This post by Bufo Calvin originally appeared in the I Love My Kindle blog. To support this or other blogs/organizations, buy  Amazon Gift Cards from a link on the site, then use those to buy your items. There will be no cost to you, and a benefit to them.

n thousands of readers and try the free ILMK magazine at Flipboard!

* I am linking to the same thing at the regular Amazon site, and at AmazonSmile. When you shop at AmazonSmile, half a percent of your purchase price on eligible items goes to a non-profit you choose. It will feel just like shopping at Amazon: you’ll be using your same account. The one thing for you that is different is that you pick a non-profit the first time you go (which you can change whenever you want)…and the good feeling you’ll get. :) Shop ’til you help! :) 

This post by Bufo Calvin originally appeared in the I Love My Kindle blog. To support this or other blogs/organizations, buy  Amazon Gift Cards from a link on the site, then use those to buy your items. There will be no cost to you, and a benefit to them.

Harper Lee has reportedly died

February 19, 2016

Harper Lee has reportedly died

To Kill a Mockingbird (at AmazonSmile: benefit a non-profit of your choice by shopping*)

was, in my opinion (and many other people’s), one of the great novels.

I was even more impressed with it recently when I re-read it, and then read the “recently discovered” early draft

Go Set a Watchman (at AmazonSmile: benefit a non-profit of your choice by shopping*)

I was amazed at author Harper Lee’s ability to take what was a cynical and somewhat dark world view, based on the author’s¬†own experiences, and then rework it from the more optimistic viewpoint of a life lived many years earlier.

To me, that’s astounding!

When most people are soured on something, they can’t go back and ever see it as they saw it before.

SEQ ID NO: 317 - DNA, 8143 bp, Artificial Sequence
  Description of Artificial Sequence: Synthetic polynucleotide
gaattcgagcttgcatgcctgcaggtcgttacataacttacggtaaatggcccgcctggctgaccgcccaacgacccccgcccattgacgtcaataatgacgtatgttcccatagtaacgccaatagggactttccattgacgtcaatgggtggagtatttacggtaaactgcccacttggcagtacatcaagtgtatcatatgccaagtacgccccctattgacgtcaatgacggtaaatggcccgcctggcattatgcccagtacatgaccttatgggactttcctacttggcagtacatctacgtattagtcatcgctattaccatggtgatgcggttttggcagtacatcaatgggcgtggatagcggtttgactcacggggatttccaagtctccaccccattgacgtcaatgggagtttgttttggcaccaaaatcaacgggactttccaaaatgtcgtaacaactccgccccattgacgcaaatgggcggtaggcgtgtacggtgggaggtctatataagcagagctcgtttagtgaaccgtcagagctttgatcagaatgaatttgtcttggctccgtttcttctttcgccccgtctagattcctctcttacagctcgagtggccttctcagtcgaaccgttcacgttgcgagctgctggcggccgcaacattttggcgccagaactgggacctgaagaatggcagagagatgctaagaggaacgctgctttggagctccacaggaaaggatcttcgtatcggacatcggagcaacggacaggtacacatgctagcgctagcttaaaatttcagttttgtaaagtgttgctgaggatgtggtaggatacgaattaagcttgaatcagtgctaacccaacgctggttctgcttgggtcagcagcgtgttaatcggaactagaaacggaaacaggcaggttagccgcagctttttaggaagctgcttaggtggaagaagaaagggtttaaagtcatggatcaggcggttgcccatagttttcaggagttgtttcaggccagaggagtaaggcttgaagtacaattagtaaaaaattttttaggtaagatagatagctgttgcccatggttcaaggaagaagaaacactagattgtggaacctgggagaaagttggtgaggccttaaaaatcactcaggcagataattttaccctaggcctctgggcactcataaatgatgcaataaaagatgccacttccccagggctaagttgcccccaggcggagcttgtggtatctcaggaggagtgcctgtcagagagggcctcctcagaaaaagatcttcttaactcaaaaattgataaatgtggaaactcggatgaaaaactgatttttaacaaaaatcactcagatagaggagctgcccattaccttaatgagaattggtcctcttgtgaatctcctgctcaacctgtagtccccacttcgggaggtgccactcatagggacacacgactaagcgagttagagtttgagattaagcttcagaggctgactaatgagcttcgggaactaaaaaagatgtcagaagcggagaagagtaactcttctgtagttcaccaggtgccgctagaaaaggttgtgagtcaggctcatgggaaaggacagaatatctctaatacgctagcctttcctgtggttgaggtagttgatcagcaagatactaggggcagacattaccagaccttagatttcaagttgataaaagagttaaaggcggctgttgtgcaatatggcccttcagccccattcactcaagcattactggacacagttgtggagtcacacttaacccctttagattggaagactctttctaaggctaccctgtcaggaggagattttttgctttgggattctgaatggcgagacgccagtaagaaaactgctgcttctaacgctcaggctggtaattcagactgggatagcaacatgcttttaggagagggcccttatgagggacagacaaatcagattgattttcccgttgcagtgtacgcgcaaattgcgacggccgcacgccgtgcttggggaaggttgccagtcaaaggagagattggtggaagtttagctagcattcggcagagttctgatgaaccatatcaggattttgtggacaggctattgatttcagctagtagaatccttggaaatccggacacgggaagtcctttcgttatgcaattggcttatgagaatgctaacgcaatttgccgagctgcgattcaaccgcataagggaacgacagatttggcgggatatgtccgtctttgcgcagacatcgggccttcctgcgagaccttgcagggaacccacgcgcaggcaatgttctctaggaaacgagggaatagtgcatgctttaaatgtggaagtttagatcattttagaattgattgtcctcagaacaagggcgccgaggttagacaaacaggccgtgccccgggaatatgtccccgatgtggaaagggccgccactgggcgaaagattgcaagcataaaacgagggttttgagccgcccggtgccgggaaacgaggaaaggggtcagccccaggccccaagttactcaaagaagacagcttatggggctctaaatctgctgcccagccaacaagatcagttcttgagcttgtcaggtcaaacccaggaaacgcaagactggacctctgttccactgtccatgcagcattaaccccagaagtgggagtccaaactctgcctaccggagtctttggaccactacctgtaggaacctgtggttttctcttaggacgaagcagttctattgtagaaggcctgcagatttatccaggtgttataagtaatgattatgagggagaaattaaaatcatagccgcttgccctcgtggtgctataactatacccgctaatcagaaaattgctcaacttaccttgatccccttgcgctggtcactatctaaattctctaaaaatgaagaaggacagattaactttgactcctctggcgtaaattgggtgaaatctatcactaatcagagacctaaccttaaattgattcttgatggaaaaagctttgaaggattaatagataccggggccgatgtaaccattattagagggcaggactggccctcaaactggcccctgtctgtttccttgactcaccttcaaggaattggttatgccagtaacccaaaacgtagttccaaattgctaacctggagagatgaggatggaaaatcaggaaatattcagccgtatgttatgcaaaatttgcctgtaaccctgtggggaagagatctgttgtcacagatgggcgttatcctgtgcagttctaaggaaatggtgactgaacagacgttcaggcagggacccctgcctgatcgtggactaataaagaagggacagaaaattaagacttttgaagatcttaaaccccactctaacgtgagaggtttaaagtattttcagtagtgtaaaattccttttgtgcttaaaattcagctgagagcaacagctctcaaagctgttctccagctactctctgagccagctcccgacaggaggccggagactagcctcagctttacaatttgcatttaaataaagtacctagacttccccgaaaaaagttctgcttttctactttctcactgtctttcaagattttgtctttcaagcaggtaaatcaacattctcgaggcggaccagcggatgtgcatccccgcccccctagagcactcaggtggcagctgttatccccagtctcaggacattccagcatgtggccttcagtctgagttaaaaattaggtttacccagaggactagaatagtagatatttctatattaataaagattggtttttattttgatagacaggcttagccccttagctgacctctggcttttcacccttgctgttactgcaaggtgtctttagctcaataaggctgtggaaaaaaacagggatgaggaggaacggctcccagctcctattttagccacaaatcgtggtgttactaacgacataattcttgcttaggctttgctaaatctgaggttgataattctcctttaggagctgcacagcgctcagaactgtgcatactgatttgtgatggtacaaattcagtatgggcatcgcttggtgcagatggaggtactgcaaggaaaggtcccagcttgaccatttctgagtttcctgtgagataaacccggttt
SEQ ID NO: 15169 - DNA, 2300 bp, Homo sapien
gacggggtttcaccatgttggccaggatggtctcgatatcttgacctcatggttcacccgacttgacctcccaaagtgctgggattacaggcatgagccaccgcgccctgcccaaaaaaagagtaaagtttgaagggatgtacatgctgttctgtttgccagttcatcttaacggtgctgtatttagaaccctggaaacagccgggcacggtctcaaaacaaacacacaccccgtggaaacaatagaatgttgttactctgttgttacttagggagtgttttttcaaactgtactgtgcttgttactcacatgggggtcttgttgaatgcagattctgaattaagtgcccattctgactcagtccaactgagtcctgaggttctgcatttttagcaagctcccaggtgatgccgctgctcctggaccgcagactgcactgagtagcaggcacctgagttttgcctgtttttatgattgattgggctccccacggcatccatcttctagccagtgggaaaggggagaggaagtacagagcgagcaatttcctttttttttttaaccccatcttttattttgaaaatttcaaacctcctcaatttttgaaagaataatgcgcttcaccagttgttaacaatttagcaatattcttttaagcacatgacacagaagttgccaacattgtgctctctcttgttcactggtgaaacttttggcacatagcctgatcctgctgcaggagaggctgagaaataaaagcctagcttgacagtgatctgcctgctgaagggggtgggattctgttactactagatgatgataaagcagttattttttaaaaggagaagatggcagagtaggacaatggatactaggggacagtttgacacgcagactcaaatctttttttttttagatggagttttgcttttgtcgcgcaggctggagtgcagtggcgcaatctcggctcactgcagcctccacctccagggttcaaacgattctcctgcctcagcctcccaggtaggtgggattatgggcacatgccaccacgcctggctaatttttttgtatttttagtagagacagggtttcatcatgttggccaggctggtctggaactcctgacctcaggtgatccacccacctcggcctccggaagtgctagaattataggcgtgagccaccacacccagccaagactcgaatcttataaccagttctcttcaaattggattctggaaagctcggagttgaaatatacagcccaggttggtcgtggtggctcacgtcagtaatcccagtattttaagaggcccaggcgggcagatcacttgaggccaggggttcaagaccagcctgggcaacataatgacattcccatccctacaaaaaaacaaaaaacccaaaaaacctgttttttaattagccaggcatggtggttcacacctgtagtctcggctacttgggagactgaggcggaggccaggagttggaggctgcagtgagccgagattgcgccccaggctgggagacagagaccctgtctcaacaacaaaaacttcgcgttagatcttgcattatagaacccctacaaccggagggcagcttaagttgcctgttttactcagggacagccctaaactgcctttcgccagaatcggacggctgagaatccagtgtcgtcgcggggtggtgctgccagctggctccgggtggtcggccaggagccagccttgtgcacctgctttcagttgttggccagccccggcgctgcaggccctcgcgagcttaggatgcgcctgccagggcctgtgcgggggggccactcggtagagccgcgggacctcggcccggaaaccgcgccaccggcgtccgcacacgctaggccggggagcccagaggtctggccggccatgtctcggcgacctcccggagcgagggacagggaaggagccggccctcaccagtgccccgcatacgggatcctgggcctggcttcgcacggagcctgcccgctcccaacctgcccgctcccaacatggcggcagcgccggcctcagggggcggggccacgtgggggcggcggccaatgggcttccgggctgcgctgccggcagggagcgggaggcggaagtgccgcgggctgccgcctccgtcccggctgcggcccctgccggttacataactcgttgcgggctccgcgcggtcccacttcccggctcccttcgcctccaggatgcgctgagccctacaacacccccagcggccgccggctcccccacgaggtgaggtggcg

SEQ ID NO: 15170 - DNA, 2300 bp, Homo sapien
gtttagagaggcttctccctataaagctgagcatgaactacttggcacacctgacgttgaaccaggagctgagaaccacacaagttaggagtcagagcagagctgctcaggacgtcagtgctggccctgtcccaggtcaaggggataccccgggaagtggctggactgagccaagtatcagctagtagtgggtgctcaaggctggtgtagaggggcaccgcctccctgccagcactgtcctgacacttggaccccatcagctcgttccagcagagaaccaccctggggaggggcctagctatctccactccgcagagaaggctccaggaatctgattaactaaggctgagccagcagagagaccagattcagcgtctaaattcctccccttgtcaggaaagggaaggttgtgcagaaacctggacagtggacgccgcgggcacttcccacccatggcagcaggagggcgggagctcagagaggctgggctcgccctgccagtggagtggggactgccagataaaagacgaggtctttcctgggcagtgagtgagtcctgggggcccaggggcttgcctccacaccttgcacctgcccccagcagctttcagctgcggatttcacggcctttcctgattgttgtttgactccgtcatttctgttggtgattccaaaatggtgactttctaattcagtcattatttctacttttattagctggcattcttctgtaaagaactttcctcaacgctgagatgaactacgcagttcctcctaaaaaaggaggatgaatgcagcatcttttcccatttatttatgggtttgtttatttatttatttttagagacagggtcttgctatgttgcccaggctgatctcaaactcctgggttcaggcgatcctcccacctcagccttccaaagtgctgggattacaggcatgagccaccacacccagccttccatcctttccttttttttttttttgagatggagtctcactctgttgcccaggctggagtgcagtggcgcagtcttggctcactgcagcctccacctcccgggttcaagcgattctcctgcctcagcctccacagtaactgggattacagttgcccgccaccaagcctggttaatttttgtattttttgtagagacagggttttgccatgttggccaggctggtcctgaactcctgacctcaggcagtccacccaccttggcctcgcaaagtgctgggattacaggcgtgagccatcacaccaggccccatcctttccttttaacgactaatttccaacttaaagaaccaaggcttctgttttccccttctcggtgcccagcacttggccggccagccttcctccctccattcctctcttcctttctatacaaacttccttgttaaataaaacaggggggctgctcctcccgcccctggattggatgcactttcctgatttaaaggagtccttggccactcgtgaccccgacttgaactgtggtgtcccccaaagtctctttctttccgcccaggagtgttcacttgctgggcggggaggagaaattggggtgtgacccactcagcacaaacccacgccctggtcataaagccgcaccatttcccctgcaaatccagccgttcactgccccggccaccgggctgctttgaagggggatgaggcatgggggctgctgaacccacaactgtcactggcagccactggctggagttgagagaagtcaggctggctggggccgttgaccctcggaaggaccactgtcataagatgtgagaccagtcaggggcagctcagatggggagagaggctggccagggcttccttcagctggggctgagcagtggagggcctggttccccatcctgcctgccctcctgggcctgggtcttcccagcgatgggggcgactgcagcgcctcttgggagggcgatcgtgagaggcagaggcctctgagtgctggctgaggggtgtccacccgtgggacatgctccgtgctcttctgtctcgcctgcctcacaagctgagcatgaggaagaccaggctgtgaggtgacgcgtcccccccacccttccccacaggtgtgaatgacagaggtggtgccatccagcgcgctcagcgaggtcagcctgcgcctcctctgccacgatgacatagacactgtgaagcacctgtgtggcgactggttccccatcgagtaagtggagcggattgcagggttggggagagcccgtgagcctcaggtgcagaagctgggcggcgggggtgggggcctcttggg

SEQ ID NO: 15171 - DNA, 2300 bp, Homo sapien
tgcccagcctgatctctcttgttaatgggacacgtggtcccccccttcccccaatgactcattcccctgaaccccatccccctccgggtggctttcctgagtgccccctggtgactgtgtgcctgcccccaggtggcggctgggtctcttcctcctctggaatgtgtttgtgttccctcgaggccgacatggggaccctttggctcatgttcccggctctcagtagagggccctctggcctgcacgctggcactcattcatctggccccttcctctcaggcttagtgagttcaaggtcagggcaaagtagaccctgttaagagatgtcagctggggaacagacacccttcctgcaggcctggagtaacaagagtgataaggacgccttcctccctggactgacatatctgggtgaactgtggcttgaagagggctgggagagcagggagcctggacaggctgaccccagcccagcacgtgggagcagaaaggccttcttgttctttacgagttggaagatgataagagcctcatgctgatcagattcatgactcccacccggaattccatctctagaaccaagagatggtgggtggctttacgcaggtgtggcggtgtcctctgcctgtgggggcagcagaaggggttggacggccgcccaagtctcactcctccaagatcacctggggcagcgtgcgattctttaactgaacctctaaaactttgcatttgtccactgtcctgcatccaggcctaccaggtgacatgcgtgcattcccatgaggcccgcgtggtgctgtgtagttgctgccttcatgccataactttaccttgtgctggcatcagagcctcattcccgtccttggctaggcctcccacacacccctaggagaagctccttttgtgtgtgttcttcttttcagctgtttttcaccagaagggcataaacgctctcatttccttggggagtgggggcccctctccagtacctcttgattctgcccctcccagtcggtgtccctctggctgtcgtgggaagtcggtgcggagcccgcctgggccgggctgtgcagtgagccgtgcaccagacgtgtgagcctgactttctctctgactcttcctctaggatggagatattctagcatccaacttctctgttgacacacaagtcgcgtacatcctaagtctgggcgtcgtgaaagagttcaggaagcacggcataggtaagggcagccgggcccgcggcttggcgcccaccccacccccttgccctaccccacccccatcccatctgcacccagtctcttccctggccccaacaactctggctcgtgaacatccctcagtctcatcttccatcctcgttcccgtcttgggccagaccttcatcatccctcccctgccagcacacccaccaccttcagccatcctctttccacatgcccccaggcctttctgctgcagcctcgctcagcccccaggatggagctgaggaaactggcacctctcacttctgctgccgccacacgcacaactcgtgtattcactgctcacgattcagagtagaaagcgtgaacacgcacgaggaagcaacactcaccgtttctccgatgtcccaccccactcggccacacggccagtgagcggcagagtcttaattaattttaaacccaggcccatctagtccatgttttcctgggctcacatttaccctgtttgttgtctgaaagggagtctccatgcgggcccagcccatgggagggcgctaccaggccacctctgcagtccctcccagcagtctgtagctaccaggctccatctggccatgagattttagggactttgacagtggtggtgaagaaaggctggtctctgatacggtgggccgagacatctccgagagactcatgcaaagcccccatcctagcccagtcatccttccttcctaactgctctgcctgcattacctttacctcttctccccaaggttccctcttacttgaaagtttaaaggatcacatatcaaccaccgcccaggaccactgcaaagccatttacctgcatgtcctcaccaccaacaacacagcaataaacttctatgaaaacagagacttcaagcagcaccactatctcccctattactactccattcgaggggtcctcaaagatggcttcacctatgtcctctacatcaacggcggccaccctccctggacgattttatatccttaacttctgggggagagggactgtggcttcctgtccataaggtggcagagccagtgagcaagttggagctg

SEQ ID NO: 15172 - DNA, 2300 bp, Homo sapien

Reading GSaW improved my already considerable admiration for Harper Lee, and gave me perhaps a better understanding as to why the topic of the book might have been a sore spot for decades.

None of that takes away from the value of TKaM, which will always stand as a superior work of literature.

My condolences go out to the family and friends. I will be forever grateful for having had To Kill a Mockingbird in my life.

In case you are interested, this is my review of Go Set a Watchman on Goodreads:

https://www.goodreads.com/review/show/1362361030

Join thousands of readers and try the free ILMK magazine at Flipboard!

*¬†I am linking to the same thing at the regular Amazon site, and at AmazonSmile. When you shop at AmazonSmile, half a percent of your purchase price on eligible items goes to a non-profit you choose. It will feel just like shopping at Amazon: you‚Äôll be using your same account. The one thing for you that is different is that you pick a non-profit the first time you go (which you can change whenever you want)‚Ķand the good feeling you‚Äôll get.¬†:)¬†Shop ‚Äôtil you help!¬†:)¬†By the way, it‚Äôs been interesting lately to see Amazon remind me to ‚Äústart at AmazonSmile‚ÄĚ if I check a link on the original Amazon site. I do buy from AmazonSmile, but I have a lot of stored links I use to check for things.¬†

This post by Bufo Calvin originally appeared in the I Love My Kindle blog. To support this or other blogs/organizations, buy  Amazon Gift Cards from a link on the site, then use those to buy your items. There will be no cost to you, and a benefit to them.